"We want our students, in whatever sphere of influence they find themselves, to be dreaming big dreams and to be doing things that affect the good of society," says MACU Vice President for Student Engagement and Success Jessica Rimmer. "It’s a head, heart, hands framework, meaning what you think should impact how you feel, [and] should impact what you do."
Mid-America Christian University (MACU) teaches its students to honor their faith in Christ by how they live their lives. The school's motto is, "Dream Bigger, Do Greater," and many students have taken it to heart by going out into the world to serve others.
That's why the school developed a program focused on bringing food, energy, and water (FEW) to communities in need around the world. From Ecuador to Uganda, students are sharing the love of Christ by meeting real needs in these communities.
"Mid-America makes you realize that it’s more than just you," says junior Makailee Davis who helped bring clean water to a small village in Ecuador. "Having clean access to water means you can live longer, you have more health, you can now know that your children can have a future and that your children can prosper because water is an essential to life."
But how can you inspire students to bless the lives of others when the Obama Administration is forcing you to participate in something that can destroy human life?
That's the question this university faces now that the Obama Administration's HHS mandate requires Christian universities like MACU to provide access to abortion-inducing drugs as part of their healthcare plans. This unjust, unlawful, and unnecessary mandate would force Mid-America Christian University to violate its deepest convictions or face millions of dollars in fines each year.
"As believers [in Christ], we believe that every person carries the image of God and that begins with life at conception," explains Rimmer.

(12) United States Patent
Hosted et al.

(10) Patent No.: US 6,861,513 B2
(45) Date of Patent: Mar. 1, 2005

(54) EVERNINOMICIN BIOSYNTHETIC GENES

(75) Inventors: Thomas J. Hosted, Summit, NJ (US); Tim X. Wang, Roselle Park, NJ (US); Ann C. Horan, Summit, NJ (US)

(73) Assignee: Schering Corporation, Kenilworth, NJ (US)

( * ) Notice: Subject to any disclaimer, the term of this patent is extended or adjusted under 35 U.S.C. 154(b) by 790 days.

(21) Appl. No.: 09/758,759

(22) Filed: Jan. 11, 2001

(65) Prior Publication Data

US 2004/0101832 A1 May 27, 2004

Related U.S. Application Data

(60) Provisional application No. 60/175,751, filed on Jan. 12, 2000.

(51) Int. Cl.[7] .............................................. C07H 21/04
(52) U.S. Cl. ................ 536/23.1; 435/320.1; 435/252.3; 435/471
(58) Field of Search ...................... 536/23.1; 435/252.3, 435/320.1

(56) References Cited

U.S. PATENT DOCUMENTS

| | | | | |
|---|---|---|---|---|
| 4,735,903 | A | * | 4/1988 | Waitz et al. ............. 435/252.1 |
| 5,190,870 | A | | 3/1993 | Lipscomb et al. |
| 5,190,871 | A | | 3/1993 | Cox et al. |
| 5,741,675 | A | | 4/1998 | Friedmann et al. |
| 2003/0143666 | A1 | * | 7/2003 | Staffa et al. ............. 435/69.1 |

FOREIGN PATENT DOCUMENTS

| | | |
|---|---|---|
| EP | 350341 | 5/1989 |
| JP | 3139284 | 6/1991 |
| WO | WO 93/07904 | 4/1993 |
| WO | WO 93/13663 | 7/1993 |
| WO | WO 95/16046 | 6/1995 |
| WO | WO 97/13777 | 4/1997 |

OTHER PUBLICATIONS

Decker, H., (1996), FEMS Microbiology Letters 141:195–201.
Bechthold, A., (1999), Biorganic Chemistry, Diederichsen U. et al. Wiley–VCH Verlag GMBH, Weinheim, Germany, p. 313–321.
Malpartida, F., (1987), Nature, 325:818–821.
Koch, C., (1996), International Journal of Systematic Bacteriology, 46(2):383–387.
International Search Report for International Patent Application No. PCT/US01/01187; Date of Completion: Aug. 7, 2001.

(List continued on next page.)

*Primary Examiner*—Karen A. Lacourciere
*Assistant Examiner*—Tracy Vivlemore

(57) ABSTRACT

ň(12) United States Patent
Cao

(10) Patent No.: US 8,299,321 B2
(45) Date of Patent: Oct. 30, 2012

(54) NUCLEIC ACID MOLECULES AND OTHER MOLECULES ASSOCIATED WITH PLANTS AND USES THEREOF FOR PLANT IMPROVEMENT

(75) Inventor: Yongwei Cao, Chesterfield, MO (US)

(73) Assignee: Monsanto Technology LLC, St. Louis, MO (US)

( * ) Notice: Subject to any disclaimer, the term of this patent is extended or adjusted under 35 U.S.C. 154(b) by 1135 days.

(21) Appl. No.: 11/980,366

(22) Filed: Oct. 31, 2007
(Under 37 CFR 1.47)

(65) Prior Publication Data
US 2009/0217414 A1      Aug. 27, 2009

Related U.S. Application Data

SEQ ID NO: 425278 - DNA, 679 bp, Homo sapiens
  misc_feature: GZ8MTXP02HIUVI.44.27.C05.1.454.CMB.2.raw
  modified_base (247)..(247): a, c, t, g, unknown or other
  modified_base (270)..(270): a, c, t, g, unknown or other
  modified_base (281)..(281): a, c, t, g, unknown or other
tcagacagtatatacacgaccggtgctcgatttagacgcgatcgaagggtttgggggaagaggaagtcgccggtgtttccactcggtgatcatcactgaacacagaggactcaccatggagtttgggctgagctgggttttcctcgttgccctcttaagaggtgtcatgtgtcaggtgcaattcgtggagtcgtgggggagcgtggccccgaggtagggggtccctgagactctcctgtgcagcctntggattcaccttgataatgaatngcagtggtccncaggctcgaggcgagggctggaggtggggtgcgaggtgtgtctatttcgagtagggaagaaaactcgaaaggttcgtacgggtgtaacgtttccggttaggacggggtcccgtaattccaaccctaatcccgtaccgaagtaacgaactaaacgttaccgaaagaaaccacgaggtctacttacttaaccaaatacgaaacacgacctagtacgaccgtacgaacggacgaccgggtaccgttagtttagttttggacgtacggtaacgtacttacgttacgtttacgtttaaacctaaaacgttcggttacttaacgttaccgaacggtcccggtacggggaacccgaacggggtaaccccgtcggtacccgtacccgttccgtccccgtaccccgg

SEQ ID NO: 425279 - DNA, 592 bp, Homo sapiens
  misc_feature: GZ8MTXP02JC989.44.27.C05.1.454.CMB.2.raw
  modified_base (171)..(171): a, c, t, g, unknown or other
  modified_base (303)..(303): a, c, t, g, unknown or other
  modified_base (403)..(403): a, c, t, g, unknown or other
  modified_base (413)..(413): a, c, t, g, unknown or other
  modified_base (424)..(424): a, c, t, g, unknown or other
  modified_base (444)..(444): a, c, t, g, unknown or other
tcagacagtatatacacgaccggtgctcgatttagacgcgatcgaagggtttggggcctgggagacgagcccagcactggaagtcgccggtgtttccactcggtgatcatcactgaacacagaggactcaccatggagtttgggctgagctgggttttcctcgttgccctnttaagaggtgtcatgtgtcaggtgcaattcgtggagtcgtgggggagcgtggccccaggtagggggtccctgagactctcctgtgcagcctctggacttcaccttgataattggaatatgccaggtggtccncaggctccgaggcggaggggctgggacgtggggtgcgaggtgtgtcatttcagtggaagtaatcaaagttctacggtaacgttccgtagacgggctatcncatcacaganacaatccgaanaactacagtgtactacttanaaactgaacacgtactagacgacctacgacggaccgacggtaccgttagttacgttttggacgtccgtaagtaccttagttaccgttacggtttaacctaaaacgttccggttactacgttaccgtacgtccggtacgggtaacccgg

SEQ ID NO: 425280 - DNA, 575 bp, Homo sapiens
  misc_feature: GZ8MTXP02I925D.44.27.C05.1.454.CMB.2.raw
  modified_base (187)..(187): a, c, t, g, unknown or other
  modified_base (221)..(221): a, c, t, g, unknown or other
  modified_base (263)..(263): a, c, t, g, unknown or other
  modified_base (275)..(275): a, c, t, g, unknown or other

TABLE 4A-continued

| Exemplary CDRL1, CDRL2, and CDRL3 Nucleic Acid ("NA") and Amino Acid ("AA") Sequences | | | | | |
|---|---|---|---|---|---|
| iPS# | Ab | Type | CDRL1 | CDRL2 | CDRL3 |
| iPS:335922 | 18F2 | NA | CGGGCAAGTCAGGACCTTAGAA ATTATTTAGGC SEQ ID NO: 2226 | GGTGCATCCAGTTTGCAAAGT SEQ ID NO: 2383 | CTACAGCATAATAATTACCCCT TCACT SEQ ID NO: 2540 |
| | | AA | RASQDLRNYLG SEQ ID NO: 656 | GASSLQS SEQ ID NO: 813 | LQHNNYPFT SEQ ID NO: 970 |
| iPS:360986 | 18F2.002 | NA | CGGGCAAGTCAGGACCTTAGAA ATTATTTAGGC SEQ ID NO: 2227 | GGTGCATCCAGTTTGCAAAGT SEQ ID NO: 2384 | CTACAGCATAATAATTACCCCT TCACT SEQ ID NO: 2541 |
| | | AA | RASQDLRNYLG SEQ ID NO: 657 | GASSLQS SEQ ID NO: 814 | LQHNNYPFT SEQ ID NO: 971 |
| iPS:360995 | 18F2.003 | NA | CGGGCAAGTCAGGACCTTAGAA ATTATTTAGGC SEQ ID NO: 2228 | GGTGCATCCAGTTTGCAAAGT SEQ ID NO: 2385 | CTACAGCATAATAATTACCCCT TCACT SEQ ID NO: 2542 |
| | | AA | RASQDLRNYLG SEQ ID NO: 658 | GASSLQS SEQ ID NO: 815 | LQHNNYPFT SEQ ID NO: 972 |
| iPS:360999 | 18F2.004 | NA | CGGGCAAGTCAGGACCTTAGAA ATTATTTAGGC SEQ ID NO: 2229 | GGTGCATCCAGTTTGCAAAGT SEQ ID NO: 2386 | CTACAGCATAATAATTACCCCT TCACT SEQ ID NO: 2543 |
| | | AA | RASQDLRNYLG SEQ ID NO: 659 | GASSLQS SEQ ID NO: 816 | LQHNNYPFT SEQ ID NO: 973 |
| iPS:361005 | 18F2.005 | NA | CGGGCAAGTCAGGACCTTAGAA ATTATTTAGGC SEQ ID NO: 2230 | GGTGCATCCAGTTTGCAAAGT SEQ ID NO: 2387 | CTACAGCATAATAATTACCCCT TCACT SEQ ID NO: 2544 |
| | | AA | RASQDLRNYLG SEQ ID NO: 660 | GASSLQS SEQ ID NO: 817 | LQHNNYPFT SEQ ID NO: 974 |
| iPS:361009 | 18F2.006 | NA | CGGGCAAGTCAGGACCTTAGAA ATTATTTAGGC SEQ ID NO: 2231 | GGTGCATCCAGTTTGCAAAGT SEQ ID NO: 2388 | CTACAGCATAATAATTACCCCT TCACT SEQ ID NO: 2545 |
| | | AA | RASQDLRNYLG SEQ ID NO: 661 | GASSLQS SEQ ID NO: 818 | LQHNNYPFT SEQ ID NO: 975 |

Mid-America joins four other Christian universities represented by Alliance Defending Freedom in two separate lawsuits against the mandate, which, combined, will be heard by the United States Supreme Court on March 23.
"All Americans should oppose unjust laws that force people – under threat of punishment – to give up their fundamental freedoms in order to provide health plans the government prefers," says ADF Senior Counsel Greg Baylor. "It’s no different for these Christian colleges, which simply want to abide by the very faith they espouse and teach."
This is not a radical request, as opponents of religious freedom would have you believe. While some make the ridiculous claim the schools are just looking for a way to discriminate against women, what schools like MACU are concerned with is being authentic to their faith and their mission to inspire the next generation.
"We want to be who we are, and we believe that the issue of life is really central to being able to live in congruence with our belief system," says Rimmer.
In a nation founded on religious freedom, this is not too much to ask. And it is our prayer that the Supreme Court will agree.
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